On my previous post, I talked a bit about why the art of our game, Wizsnooks, looks like that, mostly showcasing some assets. Today, however, I want to bring up something a bit more meaty instead. Say, how about a step-by-step deployment of an asset?
And what better than doing that by showcasing bad guys? I mean, Kroltan already showed you the guts of the game, while also proving once more than old-timey cartoon villains are the best. So, let’s go from there.
Remember, the tool I’m using is Krita, which is completely free and downloadable from here. To make the best use of it, you need a digital painting tablet. This can still be done with a mouse, but it may take way more time. Getting a 50~100USD tablet is a wise investment.
Wizsnooks is snooker or pool, mixed with roguelike fantasy elements. So, clearly, our enemies will also need to be pool balls. So, the assets begin with a simple circle over a backgroundless layer.
Below it, I filled the layer with color, which can easily be later shaded and recolored for different enemies. The less layers you use, the quicker you can do the process, but with a color and a shade on different layers, you can have more customization in the future.
When I had the ball done (which was layer copied, pasted and edited multiple times to make a sheet), I proceeded to sketch enemies. Each sheet consisted of an Idle pose and a Rolling set of poses. The plan was to make the idle look menacing, like an enemy should, while the rolling was meant to look funny.
So, I turned down the opacity of the ball, and sketched on a new layer above them. Then, when I was done sketching, I would make yet another layer with the lineart, and delete the sketch.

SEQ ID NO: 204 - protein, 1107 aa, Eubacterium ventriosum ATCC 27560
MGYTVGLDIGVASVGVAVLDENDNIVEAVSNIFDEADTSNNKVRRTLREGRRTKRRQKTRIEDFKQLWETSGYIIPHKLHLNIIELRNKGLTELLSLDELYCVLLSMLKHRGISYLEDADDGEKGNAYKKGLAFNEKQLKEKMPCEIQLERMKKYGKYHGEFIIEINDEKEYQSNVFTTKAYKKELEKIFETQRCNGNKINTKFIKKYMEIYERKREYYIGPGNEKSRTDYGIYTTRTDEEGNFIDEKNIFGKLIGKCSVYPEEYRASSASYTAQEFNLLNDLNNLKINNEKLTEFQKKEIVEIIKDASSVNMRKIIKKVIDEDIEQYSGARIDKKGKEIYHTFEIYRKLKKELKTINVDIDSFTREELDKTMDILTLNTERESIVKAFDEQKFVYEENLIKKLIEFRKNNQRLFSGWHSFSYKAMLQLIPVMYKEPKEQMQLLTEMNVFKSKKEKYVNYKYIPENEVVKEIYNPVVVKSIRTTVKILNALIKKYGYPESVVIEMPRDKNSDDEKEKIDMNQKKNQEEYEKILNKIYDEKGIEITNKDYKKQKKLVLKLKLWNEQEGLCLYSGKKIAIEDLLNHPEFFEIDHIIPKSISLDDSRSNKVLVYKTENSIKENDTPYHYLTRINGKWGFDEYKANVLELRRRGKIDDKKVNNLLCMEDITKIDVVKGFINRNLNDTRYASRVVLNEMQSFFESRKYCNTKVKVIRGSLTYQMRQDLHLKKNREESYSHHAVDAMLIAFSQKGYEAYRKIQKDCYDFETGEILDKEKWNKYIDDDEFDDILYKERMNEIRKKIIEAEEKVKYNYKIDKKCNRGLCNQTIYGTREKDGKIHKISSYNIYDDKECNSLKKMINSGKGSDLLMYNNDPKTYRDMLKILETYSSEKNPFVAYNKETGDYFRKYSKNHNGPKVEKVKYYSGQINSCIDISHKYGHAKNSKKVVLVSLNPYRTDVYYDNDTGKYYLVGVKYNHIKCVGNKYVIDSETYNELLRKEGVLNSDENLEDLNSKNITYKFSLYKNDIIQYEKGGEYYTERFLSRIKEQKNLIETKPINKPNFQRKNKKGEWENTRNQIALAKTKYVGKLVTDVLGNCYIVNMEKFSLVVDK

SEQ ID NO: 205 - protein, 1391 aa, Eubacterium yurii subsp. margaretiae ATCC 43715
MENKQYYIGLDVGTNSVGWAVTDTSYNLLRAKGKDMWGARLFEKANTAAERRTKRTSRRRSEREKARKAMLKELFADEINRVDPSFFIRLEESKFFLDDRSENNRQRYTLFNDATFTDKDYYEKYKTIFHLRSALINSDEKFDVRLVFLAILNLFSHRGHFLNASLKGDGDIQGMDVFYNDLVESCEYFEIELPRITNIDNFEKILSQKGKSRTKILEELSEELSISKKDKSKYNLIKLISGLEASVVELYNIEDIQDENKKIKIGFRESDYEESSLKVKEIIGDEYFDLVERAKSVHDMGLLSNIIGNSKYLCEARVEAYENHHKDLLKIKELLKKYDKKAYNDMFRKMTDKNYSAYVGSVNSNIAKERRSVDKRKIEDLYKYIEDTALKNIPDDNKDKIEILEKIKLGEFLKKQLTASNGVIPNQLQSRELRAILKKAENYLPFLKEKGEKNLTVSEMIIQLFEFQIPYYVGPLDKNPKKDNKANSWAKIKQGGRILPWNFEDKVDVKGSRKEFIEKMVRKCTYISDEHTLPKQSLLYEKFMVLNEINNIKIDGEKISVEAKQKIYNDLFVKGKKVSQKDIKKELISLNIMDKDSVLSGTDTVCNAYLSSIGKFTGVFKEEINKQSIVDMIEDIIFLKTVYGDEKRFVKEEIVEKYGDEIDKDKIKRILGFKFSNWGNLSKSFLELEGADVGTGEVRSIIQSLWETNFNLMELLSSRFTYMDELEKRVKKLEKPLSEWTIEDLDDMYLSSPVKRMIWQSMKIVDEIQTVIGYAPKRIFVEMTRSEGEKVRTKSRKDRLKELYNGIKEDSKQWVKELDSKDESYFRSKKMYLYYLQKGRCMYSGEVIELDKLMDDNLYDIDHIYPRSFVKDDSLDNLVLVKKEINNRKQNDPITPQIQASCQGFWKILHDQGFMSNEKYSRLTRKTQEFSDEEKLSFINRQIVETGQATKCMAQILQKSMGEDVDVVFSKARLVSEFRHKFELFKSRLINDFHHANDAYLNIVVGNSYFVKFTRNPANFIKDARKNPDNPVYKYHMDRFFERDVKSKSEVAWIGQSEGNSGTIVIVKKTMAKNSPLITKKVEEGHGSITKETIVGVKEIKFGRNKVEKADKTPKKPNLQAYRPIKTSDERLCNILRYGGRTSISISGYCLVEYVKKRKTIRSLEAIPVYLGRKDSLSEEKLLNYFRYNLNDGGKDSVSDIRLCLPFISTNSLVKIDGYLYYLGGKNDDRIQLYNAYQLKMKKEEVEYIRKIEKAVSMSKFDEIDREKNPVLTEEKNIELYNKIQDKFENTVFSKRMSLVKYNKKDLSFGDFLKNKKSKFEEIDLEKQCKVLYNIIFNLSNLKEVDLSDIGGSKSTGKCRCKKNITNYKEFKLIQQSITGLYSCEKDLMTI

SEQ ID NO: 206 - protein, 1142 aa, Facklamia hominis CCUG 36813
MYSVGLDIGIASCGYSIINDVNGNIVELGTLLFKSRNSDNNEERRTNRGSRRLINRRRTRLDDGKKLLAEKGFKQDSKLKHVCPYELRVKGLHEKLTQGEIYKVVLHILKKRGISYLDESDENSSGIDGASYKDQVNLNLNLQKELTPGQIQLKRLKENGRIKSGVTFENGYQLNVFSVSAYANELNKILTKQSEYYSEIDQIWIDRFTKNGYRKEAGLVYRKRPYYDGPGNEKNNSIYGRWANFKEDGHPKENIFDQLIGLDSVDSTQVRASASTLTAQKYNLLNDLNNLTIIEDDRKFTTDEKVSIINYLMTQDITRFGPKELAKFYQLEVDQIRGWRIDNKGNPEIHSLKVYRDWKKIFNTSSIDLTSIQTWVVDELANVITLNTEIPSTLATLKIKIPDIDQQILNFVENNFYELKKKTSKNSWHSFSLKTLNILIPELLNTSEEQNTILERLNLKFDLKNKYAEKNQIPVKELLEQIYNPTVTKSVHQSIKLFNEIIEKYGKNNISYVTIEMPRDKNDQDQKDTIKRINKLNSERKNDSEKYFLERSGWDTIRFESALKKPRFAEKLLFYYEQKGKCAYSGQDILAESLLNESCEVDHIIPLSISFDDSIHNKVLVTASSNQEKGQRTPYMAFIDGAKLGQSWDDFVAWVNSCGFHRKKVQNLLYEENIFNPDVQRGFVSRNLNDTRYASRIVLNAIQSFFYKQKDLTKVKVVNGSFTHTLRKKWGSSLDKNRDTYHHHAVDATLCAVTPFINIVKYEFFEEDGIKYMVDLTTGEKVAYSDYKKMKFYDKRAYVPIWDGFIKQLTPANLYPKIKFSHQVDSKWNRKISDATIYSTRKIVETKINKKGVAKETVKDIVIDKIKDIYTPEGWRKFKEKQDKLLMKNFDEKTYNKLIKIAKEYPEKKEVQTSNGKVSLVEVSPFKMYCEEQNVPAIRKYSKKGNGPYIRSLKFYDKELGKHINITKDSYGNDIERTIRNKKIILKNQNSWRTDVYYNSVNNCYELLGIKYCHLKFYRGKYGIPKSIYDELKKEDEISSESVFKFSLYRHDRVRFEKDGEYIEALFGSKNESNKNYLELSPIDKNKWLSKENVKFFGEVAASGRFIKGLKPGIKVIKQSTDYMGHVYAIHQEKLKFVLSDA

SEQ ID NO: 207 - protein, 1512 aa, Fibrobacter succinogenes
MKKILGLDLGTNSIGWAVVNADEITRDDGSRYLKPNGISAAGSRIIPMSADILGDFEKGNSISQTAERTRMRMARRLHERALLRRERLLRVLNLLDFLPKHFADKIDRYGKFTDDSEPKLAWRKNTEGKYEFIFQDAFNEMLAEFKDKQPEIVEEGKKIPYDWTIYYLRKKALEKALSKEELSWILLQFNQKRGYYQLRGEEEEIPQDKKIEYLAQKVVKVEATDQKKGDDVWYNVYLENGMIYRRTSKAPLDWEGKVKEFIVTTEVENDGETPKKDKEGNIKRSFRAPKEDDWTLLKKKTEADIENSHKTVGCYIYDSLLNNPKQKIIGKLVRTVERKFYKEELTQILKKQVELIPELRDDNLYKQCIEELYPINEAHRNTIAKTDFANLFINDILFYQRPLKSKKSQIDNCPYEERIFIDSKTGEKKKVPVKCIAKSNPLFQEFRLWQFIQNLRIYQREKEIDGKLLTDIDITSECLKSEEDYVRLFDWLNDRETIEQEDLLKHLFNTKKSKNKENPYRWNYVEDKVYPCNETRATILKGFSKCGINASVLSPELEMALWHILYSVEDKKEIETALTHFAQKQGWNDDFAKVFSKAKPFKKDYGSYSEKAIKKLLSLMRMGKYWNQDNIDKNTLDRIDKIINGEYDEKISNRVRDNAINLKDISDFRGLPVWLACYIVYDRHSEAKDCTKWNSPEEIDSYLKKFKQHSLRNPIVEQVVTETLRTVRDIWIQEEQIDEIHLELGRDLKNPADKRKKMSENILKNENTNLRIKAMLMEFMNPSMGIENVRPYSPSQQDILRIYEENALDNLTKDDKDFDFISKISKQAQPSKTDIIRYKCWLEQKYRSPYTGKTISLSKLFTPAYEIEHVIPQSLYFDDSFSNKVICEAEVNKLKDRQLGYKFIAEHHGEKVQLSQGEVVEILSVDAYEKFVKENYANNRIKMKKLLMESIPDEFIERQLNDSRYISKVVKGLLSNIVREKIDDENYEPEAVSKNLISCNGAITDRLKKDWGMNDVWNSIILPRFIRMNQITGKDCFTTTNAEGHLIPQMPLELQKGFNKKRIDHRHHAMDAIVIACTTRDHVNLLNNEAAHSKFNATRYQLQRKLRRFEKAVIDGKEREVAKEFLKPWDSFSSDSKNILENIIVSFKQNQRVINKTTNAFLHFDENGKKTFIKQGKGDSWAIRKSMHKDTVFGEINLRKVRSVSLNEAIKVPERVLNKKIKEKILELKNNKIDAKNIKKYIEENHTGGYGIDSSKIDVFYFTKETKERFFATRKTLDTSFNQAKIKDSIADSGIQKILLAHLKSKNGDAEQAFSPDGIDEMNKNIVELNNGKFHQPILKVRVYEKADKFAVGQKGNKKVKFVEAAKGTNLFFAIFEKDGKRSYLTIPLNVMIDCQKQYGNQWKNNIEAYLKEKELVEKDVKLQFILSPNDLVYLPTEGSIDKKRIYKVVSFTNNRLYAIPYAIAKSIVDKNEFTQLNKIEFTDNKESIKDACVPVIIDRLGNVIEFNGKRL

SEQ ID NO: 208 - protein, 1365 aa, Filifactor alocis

I later colored on a layer below it. There’s techniques such as coloring over alpha and the like, but I’m mostly just going with the basic instructions. This is how the colored layer looks under the lineart.
And here’s how it looks with the opacity of the ball at 100%.
Needless to say, the process is repeated for every pose. Because these are circles, it would have been simple to just draw over the circle, like the protagonist, and be done with it.
However, that was by design to allow the player to look good with helmets and swords. The enemies, to outstand, would need a bit of volume, so there were parts that needed to stick out.
And there it is. Now, Jorge made an animated version of the Dragon Orb (which we affectionately call Dragorb). Here’s the cute little fellah.
That’s pretty much all there is on the subject. Feel free to ask any questions or the like about the development of these assets or the use of Krita. I’ll try to answer to the best of my ability.
Here’s hoping you get a chance to see the whole thing come alive by playing Wizsnooks, available on your browser and downloadable for Windows, Mac and Linux. If you want to chat, this Discord server is where it’s at. And last but not least, here’s the Whales and Games Twitter, so you can keep in contact with us.
In behalf of our team, we hope that you have a fantastic judging phase. We’ll continue to check more games, so be sure to put your best face. Cheers! ?